Sunday, 28 June 2020
The government could change its mind and make it compulsory to wear a face mask in shops if the Covid-19 situation in the country changes, health minister Maggie De Block said.
Speaking on the VRT’s Sunday politics programme De zevende dag, De Block was answering criticism of the decision taken last week by the national security council, when the government ignored the advice of experts and decided not to make mask-wearing compulsory.
According to experts, wearing a mask would offer protection against infection in shops, where social distancing is not always possible, people come in close contact with strangers indoors, and proper ventilation is not always available.
The government instead said wearing a mask in such conditions was “strongly recommended,” a form of words the experts said did now go far enough.
“Who would still pay taxes if it was only strongly recommended,” asked Professor Marc Van Ranst in response.
De Block, meanwhile, was in discussion with Dr Erika Vlieghe, an infectious disease specialist who also chairs the GEES – the group of experts charged with establishing an exit strategy from the lockdown.
Dr Vlieghe saw two benefits to the compulsory mask: one medical and one social.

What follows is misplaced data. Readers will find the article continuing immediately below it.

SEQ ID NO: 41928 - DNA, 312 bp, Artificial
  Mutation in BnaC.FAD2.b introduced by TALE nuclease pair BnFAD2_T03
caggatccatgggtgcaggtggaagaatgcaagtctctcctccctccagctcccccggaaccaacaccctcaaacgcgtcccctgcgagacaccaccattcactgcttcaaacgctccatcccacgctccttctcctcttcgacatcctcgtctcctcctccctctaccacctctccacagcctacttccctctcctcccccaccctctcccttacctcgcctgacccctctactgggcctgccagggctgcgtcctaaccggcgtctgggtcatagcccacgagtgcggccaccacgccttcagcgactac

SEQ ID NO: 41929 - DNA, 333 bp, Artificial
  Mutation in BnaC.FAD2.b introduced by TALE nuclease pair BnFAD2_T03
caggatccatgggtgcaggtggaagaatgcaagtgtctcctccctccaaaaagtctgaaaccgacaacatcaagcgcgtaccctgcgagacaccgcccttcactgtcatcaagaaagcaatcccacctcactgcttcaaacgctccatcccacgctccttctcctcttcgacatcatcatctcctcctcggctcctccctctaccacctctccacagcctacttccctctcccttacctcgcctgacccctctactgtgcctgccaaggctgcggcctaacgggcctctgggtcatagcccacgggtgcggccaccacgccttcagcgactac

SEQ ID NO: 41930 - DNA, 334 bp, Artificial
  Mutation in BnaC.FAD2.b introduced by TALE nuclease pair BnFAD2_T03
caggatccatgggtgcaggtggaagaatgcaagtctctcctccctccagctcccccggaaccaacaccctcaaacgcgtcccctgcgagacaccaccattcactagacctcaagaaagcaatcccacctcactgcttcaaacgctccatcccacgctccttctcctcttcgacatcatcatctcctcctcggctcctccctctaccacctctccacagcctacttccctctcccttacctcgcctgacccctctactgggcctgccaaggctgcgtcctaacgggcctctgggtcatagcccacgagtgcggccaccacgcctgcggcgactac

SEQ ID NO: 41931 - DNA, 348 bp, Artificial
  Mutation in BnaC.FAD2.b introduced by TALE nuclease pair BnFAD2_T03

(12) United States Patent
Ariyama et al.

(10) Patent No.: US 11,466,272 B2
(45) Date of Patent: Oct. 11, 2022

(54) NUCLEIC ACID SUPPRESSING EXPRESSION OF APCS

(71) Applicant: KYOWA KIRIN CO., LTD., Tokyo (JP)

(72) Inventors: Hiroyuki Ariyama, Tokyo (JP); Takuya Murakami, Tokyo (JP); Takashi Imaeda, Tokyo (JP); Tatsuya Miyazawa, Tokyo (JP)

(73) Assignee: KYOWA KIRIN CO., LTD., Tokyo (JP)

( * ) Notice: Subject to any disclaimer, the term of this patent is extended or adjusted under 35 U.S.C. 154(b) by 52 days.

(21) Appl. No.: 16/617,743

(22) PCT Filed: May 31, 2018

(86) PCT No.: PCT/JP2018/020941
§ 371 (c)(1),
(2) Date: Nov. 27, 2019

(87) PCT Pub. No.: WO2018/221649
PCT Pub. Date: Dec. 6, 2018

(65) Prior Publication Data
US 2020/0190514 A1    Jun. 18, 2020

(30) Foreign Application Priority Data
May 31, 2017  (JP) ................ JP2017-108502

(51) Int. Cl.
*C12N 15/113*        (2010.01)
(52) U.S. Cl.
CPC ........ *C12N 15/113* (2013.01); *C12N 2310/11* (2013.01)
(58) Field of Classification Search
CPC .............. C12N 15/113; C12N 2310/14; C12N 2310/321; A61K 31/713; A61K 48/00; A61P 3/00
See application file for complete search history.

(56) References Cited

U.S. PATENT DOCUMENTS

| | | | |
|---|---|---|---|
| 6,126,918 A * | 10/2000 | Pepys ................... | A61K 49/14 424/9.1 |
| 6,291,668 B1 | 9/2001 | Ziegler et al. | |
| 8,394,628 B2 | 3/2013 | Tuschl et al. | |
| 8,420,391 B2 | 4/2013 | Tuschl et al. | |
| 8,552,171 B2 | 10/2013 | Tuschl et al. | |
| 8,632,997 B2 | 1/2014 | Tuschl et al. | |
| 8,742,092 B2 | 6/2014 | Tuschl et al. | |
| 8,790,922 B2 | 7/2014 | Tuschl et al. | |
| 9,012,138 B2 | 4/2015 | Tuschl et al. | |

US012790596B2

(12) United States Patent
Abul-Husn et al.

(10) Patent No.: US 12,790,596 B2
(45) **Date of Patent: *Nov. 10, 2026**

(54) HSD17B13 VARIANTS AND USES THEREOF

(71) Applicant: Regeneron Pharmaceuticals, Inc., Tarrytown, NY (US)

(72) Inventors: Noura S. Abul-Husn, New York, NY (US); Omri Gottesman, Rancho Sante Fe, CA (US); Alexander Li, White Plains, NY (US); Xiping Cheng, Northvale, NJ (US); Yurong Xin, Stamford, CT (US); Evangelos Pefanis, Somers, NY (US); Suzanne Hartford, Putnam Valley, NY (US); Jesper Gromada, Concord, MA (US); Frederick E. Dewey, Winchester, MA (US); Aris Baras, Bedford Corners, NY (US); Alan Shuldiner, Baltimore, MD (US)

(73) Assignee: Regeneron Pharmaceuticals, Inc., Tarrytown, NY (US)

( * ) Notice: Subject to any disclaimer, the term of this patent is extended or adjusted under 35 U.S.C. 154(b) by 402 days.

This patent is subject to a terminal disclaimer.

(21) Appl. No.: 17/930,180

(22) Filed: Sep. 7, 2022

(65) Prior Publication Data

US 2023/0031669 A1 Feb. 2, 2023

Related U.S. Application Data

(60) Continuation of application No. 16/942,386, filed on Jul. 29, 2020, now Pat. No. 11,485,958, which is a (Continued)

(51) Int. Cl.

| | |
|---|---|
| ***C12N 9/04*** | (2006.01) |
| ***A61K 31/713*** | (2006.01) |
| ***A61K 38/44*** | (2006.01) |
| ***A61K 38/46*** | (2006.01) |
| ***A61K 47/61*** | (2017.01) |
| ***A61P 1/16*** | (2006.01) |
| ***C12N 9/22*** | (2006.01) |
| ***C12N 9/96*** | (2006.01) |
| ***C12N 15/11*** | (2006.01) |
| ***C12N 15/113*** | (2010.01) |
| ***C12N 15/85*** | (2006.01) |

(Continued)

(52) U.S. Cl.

The medical argument is clear and proven, she said, pointing to the widespread use of face masks in hospitals everywhere, a practice that is universal and long pre-dates the coronavirus.
The social argument is just as compelling, she argued.
“There is enough scientific evidence about the effectiveness of face masks,” she said. “Do they stop everything and do you avoid new infections? No, but they do stop a lot. Moreover, you create awareness among people that we are a long way from putting the virus behind us. It may sometimes feel that way now. But the sight of the mask is a clear reminder of the gravity of the situation.”
According to De Block, the discussion is not closed by the security council’s decision.
“At the time of the decision, the number of new infections was steadily decreasing. That makes it difficult to explain to people why the measures are being tightened. However, we have now seen an increase in weekly averages for the first time, and we will be monitoring those figures very closely.”
According to figures from the national health institute Sciensano, the number of new cases of infection has been increasing slightly over the past week or so, even as other indicators such as hospital admissions, intensive care cases and deaths are all declining.
“If those indicators continue to rise, we must and we will intervene,” said De Block.
And she made reference to the incidents last weekend in Ixelles and Anderlecht in Brussels when hundreds of young people gathered after the bars closed, ignoring distancing rules and with not a mask in sight.
“Intervening means tightening up the rules, and it is not just about making face masks mandatory,” she said. “Then we’ll have to go further. All those young people who refuse to obey the rules and organise parties have been warned.”
The Brussels Times